Supply (substitute) teachers in Kifri demand to be either given a contract of employment or their wages raised, otherwise they say they will boycott teaching.
The demands were announced during a protest today (13 September 2020) in front of the Kifri Education Department.
Amira Hameed, who has been a supply teacher for four years, told KirkukNow: “We have been demanding our rights for many years, but no one is listening to us. It is our right to be hired or given a contract.”
She says the government should at least raise their wage to 400,000 to 50,000 Dinars ($330 to $420) per month.
Supply teachers get paid per class 4000 Dinars ($3.30) if they are college graduates and 3000 Dinars ($2.50) if they are a graduate of an institute. Some only make 88,000 Dinars ($74) per month.
Regular teachers and other civil servants also have their salaries slashed by 21% and they get paid only once in a few months. The Kurdistan Regional Government’s (KRG) excuse for the delays and slashing of their salaries is the financial crisis, low price of crude oil, and its disputes with the Federal Government over its share of the national budget.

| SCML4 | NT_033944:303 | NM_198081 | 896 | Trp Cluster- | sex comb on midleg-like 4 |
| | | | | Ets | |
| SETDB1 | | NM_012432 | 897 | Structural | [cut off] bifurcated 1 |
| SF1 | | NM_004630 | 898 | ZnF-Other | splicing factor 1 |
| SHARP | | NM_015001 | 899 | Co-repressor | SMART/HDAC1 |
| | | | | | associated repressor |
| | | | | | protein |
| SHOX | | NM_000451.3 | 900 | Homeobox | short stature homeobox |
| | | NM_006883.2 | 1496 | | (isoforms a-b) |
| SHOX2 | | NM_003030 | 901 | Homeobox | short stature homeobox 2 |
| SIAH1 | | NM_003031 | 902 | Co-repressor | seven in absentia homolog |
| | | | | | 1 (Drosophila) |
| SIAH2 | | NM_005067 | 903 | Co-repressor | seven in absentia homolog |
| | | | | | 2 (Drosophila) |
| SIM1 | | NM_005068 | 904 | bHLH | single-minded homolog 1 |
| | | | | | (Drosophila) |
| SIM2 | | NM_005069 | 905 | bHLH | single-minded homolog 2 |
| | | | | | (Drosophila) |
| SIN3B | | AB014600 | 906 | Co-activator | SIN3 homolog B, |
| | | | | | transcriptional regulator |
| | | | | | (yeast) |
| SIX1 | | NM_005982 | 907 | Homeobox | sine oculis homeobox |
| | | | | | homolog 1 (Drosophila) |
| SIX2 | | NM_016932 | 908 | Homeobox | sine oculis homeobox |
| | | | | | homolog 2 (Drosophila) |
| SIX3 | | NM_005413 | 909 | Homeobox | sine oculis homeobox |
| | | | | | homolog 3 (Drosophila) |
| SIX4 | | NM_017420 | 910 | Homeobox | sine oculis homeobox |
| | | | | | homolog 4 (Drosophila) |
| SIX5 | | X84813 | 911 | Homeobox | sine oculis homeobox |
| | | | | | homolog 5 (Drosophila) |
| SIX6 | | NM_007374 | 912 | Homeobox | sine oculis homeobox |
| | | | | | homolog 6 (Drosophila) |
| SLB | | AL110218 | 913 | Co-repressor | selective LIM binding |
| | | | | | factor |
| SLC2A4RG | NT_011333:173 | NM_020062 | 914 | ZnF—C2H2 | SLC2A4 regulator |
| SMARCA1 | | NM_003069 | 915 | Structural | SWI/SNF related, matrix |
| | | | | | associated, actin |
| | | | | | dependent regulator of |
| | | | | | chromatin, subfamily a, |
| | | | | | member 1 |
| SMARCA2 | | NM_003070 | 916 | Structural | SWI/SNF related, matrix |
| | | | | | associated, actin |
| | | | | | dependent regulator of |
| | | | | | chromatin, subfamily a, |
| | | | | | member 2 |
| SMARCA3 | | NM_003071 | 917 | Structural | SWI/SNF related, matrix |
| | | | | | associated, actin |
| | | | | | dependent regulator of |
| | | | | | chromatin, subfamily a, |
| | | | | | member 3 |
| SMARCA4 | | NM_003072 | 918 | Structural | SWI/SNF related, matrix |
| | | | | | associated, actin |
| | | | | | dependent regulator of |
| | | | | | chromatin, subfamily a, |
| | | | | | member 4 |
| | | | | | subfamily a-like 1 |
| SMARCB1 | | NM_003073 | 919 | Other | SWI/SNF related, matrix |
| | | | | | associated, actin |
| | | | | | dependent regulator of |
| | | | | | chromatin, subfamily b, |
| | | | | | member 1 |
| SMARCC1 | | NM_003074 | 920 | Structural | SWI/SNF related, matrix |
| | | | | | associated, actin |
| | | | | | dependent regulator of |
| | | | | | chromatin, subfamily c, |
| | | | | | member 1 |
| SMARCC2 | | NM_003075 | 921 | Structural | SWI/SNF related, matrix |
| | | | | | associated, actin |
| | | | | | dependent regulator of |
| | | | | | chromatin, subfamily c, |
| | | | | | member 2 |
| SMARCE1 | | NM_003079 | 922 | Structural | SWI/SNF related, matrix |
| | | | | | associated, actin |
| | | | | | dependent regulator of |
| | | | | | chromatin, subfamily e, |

Ahmad Hamza, who represents the supply teachers in Kifri, told KirkukNow: “If they are not able to hire us [as regular teachers] or give us contracts, then they should raise our wages to 400,000 to 500,000 Dinars per month.
If they don’t listen to us and don’t meet our demands, we will keep protesting.”
There are more than 200 supply teachers in Kifri District. They fill the gap that exists due to the short number of regular teachers.
Muhammad Shukur, the head of Kifri Education Department, tol KirkukNow: “The supply teachers fill the gap of lack of teachers. If it wasn’t for them, we would be forced to close down the schools in the villages and subdistrict centres. This, while the amount they are being paid isn’t even enough to pay for their transportation costs.”
Shukur supports the supply teachers in their demands and thinks that their contribution is essential since up to 40 teachers get themselves transferred and leave the region every year.
“Conditions in Kifri are not good. People are leaving Kifri due to law wages, delays in wage payments, financial crisis, the Coronavirus pandemic and the ISIS war. This has led to a decrease in the number of teachers.”
Shukurk continued: “Meeting their demands is not in our hands.” But he promised the supply teachers to convey their demands to the Ministry of Education.